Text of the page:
” MAMA: My children and they tempers. Lord, if this little old plant don’t get more sun than it’s been getting it ain’t never going to see spring again. (She turns from the window.) What’s the matter with you this morning, Ruth? You looks right peaked. You aiming to iron all of them things? Leave some for me. (Act I) “
The story of A Raisin in the Sun is simple but epic. Published in 1959, it’s about a family living on the south side of Chicago struggling with poverty, striving to maintain dignity, and dreaming of a better life. One of the central conflicts was loosely based on an event from Lorriane Hansberry’s own childhood. In 1938, her family, in violation of a restrictive covenant that was legal at the time, bought a house in an all-white neighborhood. The fight that ensue, against both legal system and hostile neighbors, deeply affected young Hansberry.
RUTH: Shoot—these here rich white women do it all the time. They don’t think nothing of packing up they suitcases and piling on one of them big steamships and—swoosh!—they gone, child.
MAMA: Something always told me I wasn’t no rich white woman. (Act I)
The Youngers have been living in a “rat-trap” that has become too small and crowded for their needs. Mama’s grandson Travis has to bed down in the living room that also serves as the dining room. The family has to get up earlier in the morning so the bathroom, shared with neighbors, would be available. In receipt of insurance money of her recently-deceased husband, Mama buys a house in an all-white neighborhood to provide a home for her family. Mama is cutting edge in trying to defeat segregation, for she believes “there is no such thing as white folks neighborhood except to racists and to those submitting to racism.” (Act I) She is the meek protector of the house, tending her children, though grown-up, like plants.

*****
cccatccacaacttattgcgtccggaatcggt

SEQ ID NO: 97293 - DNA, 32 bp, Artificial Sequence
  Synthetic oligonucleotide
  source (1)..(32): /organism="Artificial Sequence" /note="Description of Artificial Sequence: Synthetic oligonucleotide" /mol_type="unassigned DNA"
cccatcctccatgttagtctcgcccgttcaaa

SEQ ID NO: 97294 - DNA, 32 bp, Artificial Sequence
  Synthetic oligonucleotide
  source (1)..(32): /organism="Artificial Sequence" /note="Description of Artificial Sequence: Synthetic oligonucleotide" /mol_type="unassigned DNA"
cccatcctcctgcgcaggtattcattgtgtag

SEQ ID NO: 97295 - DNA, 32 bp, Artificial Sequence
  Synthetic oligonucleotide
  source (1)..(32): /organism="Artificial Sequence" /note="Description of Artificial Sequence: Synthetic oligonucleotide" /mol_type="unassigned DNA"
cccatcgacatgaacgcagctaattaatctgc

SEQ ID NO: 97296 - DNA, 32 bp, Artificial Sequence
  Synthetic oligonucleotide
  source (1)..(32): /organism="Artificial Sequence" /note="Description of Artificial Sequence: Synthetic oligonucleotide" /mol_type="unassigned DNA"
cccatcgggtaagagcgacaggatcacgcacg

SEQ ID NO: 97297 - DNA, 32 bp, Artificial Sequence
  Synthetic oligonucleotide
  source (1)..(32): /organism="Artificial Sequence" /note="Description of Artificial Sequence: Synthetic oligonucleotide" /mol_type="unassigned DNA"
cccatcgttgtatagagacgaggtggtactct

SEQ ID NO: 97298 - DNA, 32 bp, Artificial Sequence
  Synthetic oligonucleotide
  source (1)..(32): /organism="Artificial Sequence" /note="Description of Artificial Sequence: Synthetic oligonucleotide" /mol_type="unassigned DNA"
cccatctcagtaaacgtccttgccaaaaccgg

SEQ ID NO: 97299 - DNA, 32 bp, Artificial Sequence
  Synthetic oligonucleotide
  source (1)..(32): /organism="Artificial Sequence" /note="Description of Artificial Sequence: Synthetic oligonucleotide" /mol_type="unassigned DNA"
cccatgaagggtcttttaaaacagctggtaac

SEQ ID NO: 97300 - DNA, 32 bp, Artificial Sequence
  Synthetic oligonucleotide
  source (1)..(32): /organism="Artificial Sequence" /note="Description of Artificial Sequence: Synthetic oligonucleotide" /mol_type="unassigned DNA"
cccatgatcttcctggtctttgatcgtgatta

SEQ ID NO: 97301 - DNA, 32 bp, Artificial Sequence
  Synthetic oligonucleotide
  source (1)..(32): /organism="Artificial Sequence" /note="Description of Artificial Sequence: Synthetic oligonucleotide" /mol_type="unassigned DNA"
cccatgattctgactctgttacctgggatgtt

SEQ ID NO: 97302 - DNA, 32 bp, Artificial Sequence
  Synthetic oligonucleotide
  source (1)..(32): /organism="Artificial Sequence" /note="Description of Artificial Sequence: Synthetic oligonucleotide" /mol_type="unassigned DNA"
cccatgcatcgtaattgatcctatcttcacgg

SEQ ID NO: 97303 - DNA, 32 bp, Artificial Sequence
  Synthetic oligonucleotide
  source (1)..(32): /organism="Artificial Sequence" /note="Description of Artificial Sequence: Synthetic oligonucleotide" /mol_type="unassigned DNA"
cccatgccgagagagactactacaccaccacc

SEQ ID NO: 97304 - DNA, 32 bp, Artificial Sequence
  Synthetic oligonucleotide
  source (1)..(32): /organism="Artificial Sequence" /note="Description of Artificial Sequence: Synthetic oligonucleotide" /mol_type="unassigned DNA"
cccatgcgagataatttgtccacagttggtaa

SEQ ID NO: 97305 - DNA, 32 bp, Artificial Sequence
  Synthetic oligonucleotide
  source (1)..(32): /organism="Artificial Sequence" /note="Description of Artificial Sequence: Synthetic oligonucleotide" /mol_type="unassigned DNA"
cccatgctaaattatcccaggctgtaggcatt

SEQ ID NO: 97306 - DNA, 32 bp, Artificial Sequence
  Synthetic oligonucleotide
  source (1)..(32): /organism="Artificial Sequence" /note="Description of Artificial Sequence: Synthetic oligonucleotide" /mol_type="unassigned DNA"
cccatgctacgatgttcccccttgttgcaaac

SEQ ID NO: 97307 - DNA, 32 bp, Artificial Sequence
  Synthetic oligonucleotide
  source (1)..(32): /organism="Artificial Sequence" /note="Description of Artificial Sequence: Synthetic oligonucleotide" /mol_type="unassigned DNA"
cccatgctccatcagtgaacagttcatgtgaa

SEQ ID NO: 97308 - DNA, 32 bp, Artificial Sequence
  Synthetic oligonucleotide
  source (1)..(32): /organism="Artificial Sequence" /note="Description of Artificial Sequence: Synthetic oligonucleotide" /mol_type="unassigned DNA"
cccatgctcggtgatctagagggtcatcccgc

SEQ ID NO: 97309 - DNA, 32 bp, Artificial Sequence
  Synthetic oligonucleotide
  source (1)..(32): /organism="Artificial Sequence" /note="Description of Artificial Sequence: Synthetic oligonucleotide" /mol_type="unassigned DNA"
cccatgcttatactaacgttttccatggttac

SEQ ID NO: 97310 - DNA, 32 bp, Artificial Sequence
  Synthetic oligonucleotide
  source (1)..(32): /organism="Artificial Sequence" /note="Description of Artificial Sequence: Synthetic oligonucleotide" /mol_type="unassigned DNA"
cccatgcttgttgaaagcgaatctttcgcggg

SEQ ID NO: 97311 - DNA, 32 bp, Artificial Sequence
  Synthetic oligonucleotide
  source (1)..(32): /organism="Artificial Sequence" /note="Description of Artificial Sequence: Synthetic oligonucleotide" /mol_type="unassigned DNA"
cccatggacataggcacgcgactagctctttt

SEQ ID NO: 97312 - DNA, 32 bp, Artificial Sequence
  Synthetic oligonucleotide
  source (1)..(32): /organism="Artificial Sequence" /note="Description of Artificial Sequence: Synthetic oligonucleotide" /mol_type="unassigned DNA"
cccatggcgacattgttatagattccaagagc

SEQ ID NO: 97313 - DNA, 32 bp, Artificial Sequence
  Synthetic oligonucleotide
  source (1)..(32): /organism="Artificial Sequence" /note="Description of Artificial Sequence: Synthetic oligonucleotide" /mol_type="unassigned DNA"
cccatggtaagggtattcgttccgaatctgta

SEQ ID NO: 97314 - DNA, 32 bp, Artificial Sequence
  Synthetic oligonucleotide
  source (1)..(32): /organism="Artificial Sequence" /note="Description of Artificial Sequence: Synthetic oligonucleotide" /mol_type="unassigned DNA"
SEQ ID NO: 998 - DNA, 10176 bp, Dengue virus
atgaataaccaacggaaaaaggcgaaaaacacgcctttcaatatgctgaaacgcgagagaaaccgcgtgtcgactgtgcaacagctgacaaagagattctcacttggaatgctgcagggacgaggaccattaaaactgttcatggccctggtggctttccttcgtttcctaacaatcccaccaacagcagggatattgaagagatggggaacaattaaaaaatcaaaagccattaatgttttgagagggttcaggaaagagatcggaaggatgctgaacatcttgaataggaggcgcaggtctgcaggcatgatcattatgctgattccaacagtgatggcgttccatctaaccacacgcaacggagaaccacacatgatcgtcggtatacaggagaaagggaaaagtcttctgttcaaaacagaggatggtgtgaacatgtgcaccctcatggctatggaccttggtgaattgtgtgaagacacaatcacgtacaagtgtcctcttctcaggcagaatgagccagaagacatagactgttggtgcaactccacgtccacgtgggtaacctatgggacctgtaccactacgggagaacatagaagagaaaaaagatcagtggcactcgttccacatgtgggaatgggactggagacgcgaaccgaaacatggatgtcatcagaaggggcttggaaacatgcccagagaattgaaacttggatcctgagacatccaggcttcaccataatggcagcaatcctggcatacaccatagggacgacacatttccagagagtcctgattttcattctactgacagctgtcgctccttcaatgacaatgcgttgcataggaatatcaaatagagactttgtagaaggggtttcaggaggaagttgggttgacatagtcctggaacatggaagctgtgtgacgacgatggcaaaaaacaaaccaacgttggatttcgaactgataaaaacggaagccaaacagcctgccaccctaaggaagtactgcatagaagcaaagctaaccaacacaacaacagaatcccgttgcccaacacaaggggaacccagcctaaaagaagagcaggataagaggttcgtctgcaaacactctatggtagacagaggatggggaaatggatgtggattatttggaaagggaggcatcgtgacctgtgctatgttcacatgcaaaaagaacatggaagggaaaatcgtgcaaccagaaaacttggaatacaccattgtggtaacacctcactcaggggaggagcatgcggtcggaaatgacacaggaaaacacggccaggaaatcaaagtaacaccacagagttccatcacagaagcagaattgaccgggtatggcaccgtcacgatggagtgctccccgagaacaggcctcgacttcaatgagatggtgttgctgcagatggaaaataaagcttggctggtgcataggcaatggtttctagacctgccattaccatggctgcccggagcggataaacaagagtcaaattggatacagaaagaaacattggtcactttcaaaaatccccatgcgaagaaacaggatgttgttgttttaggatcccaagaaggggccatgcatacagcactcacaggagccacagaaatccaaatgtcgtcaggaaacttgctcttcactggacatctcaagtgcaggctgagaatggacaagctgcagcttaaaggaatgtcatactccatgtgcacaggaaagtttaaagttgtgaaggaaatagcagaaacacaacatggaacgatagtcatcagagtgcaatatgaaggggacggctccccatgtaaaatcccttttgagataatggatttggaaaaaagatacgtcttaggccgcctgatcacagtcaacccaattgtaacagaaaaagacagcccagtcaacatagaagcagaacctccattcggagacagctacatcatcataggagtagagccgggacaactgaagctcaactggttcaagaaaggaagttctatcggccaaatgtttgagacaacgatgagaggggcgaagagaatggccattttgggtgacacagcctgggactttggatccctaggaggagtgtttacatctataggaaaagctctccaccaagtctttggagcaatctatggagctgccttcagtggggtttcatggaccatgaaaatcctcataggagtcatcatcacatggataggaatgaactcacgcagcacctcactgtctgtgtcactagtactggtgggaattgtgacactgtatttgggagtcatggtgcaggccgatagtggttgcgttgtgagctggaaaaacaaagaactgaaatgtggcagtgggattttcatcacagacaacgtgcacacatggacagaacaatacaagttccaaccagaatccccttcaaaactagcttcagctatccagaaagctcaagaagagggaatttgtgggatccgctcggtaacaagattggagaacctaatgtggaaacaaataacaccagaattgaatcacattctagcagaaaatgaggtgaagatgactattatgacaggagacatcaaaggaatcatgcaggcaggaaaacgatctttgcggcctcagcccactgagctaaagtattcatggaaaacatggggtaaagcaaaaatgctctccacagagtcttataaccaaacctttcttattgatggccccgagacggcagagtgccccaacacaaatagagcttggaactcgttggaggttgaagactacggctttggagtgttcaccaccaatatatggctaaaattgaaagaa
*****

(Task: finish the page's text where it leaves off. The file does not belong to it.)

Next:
The play explores significant themes in American literature: dreams, identity, power, and race. Every character has a very specific dream, and they struggle to cope with oppressive circumstances that rule their lives. Mama dreams of a house for her family. Walter dreams of success in business enterprise. Ruth dreams of a place for her family and a baby. Beneatha dreams of becoming a doctor. These dreams both spur the characters on and frustrate them. They become consumed by their dreams and make decisions they might not ordinarily make because they are so frustrated by their lack of fulfillment.
MAMA: Then isn’t there something wrong in a home—in a world—where all dreams, good or bad, must depend on the death of a man? (Act III)
This play revolves around the conflicts within and between characters. Each one of them is a representation of something generational, a gender or race issue, and it’s a testament to Hansberry’s writing that her characters don’t come across as mouthpieces of the story. They are living, breathing human beings who have obstacles. What finally brings their inner conflicts to a boil are the demonstration of power through what one can achieve based on one’s race. Despite the myriad manifestation of racial discrimination, the core of the play is the human condition—how human beings struggle against oppression, struggle for individual fulfillment.
152 pp. Vintage Books. Paper. [Read|Skim|Toss] [Buy|Borrow]